Although they may seem quite new and niche, there are actually over 200 million electric bikes around the world today.
While most are in Asia, the Spinoff reported that according to Statistics NZ we imported around 3,000 e-bikes in 2014, which increased to 20,000 in 2017.
This trend is likely to continue, and the Electric Bikes Worldwide Report predicts world-wide sales will pass 2 billion by 2050.
And with more silent and speedy bikes on the road, are they causing more accidents? How fast do they actually go? And what exactly are the rules you need to follow?
What are the dangers?
The Netherlands, which has a significant cycling culture, made headlines in 2017 when they had more cycling deaths than car deaths (206 vs 201). A quarter of these deaths were on e-bikes, and two-thirds were people over 65.
However, despite this, the growing total number of cyclists in the Netherlands (who cycle more than any other nation) means that proportionally cycling is actually getting safer.
Peter van der Knaap, director of the Netherlands’ Institute for Road Safety Research (SWOV), says that if you consider the growing distance covered by cycles each year and compare it to the number of deaths and injuries, “then you must conclude that cycling is in fact becoming safer”.
Back in New Zealand, in 2017/2018 there were 135 ACC claims for accidents involving e-bikes, compared with 29,661 on standard bicycles.
The majority of these were caused by “Loss Balance/Personal Control” (78), which is a similar ratio of accidents to push bikes (58% vs 62%).
One area where there were more injuries in e-bikes is in the “Lifting/Carrying/Strain” category (9% vs 3%), likely due to the significant weight difference.
This is an area that Peter points out as being an increased threat to the over-65s who made up such a high proportion of fatalities in the Netherlands.
'We should not underestimate how many accidents happen among the elderly when getting on and off an e-bike,” he told the de Volkskrant paper.
“Such a bicycle is heavier than a regular one, (and) some older people do not take into account that their own physical possibilities are reduced.”
How much faster are they?
An experiment conducted by the NZ Herald showed that a commute from New Lynn in West Auckland to the city’s CBD was 15 minutes faster on an e-bike than a push bike, which itself was already significantly faster than car, train or bus.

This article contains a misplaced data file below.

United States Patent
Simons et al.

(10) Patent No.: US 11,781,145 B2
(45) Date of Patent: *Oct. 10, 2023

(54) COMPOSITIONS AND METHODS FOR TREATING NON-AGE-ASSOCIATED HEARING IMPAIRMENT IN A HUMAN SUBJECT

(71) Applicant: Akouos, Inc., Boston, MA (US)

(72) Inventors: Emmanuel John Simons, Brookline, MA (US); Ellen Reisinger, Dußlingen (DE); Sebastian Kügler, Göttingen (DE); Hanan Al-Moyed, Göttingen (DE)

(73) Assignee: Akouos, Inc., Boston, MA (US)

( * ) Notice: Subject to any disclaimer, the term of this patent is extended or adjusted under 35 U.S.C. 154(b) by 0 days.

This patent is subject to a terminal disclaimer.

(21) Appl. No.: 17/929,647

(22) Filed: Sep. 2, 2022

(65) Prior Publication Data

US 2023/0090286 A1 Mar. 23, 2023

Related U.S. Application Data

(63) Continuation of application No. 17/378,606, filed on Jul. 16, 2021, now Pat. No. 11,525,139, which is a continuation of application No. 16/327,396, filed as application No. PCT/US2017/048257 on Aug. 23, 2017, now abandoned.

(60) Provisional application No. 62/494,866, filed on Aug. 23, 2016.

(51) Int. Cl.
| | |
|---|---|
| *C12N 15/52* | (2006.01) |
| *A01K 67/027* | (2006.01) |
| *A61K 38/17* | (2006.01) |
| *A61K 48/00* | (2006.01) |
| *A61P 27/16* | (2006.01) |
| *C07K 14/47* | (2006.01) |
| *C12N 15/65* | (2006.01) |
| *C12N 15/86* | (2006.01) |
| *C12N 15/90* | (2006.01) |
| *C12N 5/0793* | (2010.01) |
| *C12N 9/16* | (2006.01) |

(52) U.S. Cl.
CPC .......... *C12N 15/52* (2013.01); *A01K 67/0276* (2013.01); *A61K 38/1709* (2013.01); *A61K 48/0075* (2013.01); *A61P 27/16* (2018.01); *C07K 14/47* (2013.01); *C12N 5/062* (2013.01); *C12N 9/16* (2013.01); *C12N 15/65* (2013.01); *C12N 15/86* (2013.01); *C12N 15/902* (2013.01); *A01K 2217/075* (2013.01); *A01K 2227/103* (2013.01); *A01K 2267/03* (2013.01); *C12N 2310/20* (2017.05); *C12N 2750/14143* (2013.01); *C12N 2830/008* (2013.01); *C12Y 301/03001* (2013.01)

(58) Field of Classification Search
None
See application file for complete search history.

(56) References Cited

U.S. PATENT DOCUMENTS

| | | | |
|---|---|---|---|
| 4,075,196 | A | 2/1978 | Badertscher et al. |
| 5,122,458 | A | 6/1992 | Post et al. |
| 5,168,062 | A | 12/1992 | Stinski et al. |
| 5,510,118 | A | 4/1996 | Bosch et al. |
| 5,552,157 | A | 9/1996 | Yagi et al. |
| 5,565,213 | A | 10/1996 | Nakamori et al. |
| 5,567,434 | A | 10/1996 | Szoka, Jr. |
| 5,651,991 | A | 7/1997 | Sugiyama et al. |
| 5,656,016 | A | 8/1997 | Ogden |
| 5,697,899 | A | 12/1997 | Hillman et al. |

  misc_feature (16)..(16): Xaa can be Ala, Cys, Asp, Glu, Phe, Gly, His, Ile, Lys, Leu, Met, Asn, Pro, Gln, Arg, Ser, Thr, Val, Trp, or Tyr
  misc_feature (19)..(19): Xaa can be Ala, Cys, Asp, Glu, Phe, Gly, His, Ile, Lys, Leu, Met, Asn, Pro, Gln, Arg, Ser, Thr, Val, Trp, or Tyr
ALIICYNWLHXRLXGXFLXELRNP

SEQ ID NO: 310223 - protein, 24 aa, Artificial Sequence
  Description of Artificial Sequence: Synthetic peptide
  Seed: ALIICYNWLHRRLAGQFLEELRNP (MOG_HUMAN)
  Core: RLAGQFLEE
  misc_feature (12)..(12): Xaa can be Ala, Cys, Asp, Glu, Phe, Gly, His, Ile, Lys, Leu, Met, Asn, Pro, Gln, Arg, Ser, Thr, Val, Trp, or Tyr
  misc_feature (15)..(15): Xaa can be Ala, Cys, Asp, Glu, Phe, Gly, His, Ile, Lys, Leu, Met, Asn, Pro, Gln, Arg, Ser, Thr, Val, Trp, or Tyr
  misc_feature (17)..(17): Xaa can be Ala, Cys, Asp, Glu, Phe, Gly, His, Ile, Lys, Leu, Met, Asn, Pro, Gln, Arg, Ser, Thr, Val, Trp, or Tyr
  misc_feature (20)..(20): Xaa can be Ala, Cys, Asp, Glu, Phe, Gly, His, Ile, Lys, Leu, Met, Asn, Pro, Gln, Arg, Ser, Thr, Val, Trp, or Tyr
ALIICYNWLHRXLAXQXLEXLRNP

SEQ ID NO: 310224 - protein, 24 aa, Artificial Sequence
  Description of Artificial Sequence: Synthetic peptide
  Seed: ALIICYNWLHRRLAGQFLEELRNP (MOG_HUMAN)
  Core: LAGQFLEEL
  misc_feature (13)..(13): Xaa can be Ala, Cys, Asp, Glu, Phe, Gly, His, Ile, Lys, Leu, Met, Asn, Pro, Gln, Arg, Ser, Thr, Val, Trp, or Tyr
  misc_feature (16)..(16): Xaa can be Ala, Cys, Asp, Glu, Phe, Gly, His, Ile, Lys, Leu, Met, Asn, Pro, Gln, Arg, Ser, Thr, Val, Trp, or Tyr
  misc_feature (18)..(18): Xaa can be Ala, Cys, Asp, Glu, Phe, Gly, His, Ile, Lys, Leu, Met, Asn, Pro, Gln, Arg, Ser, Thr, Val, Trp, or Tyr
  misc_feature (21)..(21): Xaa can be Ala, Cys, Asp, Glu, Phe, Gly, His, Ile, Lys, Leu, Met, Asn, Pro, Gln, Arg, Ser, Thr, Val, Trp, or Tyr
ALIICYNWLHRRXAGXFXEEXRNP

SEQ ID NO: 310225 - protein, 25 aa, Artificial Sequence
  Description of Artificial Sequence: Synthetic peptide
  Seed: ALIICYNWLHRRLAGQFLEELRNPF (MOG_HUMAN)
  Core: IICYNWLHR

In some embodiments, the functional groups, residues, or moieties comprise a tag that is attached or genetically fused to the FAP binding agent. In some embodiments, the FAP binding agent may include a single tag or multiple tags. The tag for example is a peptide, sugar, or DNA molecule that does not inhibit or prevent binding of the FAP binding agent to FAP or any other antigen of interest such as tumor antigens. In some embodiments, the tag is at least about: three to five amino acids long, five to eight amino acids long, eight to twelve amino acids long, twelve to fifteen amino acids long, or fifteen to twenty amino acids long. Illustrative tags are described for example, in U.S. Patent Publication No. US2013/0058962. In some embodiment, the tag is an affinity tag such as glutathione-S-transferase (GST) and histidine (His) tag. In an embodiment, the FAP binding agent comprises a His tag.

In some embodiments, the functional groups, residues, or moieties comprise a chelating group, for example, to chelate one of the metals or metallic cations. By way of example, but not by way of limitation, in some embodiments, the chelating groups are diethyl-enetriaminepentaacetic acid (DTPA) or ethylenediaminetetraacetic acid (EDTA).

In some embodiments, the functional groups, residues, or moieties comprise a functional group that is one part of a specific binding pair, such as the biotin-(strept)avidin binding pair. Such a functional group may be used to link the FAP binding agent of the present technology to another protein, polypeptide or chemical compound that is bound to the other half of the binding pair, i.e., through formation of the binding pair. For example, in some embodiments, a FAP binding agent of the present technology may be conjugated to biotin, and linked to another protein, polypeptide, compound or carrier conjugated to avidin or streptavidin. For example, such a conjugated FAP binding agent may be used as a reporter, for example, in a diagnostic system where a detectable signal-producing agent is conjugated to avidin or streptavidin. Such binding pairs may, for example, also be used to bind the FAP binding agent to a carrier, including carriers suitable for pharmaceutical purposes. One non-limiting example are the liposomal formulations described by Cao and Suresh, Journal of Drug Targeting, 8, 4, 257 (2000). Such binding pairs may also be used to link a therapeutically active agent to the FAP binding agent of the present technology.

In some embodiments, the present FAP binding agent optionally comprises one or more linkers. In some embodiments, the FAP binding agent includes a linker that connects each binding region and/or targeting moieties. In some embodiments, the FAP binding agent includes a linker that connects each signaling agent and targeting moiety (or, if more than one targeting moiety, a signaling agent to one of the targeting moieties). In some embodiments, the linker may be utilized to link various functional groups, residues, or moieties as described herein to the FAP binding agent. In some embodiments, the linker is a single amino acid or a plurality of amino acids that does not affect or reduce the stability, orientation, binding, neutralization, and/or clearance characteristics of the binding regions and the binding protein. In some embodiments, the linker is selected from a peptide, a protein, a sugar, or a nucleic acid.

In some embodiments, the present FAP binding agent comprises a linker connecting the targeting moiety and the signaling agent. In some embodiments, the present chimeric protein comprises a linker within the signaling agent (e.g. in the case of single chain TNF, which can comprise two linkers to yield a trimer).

Most e-bikes will cruise along at 20-25km/hr, even up hills, and while most countries have a speed limit for “pedelec” bikes, in New Zealand there is currently no speed limit other than the one signalled on public roads that cars follow. Instead the max battery power is 300W.
However, the NZTA recommends e-bikes cut out at a maximum speed of 25km/hr, which is the speed limit in Europe.
Do you need a licence?
There are two main types of e-bikes: throttle and pedal-assist. For casual riders the pedal-assist is more likely what you’ll be riding, for which you do not need a licence.
The NZTA define these (also known as “pedelec”) as having, “an auxiliary electric motor with a maximum power not exceeding 300W and is designed to be primarily propelled by the muscular energy of the rider”.
However, if you do not need to pedal on the bike and only use a throttle, it will be classed as a motor vehicle, and “require registration, an appropriate driver’s licence and must meet appropriate equipment and safety standards for the appropriate class of vehicle.”
How far will they go?
A question everyone wants to know, but one not so simple to answer.
If you want to get very specific, there’s a handy calculator that takes into account all the variables, such as your weight, battery size, riding mode, terrain, and wind resistance.
But the short answer is: quite far. Easily enough for most people to commute to work and back home again without needing a charge in between.
Talk to a professional when buying a bike to make sure you get one that is right for your purpose.